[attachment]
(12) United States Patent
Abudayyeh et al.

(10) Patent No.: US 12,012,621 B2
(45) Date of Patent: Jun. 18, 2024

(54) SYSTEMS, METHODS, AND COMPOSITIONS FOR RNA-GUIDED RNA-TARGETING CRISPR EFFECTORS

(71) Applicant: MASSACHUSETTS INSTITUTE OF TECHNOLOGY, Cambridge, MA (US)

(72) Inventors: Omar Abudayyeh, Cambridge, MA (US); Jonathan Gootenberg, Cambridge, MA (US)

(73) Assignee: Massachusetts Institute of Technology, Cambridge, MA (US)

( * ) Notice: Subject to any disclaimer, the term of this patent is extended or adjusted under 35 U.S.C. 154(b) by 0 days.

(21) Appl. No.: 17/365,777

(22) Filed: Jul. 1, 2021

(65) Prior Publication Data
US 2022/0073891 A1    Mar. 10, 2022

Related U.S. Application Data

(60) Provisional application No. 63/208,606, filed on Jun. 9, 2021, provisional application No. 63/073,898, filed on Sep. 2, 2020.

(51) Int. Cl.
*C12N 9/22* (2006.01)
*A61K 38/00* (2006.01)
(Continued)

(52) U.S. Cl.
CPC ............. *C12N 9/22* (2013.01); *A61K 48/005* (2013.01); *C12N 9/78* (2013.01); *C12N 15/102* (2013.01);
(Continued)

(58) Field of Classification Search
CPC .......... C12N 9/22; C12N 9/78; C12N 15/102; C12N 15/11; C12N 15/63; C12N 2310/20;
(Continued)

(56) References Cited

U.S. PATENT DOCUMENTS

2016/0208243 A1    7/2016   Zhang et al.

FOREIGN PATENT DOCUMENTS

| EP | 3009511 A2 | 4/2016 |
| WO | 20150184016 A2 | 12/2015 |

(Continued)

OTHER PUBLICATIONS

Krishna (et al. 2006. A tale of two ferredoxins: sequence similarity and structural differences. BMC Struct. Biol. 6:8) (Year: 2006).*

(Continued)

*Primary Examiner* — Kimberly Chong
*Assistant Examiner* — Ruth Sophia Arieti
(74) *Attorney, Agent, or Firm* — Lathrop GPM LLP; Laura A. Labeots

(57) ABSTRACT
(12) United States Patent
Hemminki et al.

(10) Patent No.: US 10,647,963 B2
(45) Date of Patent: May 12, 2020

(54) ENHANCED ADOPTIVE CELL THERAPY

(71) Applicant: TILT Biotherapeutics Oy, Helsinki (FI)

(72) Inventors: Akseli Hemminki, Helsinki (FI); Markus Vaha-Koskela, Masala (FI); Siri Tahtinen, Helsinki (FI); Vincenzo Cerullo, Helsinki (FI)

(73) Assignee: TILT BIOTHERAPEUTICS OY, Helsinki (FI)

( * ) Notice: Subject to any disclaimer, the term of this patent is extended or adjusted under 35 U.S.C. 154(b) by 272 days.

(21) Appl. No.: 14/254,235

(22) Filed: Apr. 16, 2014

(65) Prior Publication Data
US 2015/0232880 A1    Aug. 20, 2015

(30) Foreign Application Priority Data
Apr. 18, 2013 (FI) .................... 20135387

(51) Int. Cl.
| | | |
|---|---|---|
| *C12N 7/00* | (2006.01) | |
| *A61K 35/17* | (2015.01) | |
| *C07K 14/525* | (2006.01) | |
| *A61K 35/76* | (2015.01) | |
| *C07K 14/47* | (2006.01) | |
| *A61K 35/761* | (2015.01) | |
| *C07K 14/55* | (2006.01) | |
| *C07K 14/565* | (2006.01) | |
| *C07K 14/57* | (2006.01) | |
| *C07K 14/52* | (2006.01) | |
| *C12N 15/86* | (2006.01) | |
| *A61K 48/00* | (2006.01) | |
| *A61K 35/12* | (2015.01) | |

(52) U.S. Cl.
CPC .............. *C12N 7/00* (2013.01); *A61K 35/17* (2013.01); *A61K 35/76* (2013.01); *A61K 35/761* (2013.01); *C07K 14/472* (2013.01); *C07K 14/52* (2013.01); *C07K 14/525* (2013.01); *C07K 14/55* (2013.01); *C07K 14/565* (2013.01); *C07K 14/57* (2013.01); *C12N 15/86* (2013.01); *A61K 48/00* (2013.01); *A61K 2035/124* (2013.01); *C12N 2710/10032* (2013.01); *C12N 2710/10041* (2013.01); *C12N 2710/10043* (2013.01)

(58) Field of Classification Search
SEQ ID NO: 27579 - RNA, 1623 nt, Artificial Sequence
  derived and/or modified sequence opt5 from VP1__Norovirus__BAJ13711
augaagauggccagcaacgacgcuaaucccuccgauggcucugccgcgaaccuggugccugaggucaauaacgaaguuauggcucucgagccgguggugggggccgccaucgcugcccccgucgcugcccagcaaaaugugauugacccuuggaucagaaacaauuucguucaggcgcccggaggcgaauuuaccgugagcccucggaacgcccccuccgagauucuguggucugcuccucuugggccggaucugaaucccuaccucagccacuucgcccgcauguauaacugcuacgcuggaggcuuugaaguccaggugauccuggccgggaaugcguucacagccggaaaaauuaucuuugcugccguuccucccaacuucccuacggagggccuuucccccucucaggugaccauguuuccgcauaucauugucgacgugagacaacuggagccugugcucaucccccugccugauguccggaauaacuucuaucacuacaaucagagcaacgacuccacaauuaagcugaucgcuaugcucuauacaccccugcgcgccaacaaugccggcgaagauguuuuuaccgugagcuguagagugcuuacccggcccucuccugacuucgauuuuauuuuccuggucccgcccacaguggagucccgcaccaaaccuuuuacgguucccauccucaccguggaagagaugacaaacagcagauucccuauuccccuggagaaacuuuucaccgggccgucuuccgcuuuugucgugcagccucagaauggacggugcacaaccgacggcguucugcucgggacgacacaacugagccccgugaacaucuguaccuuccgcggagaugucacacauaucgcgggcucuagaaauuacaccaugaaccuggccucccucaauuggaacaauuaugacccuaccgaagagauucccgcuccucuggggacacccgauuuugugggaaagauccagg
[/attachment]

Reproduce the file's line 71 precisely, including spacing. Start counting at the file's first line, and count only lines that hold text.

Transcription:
(52) U.S. Cl.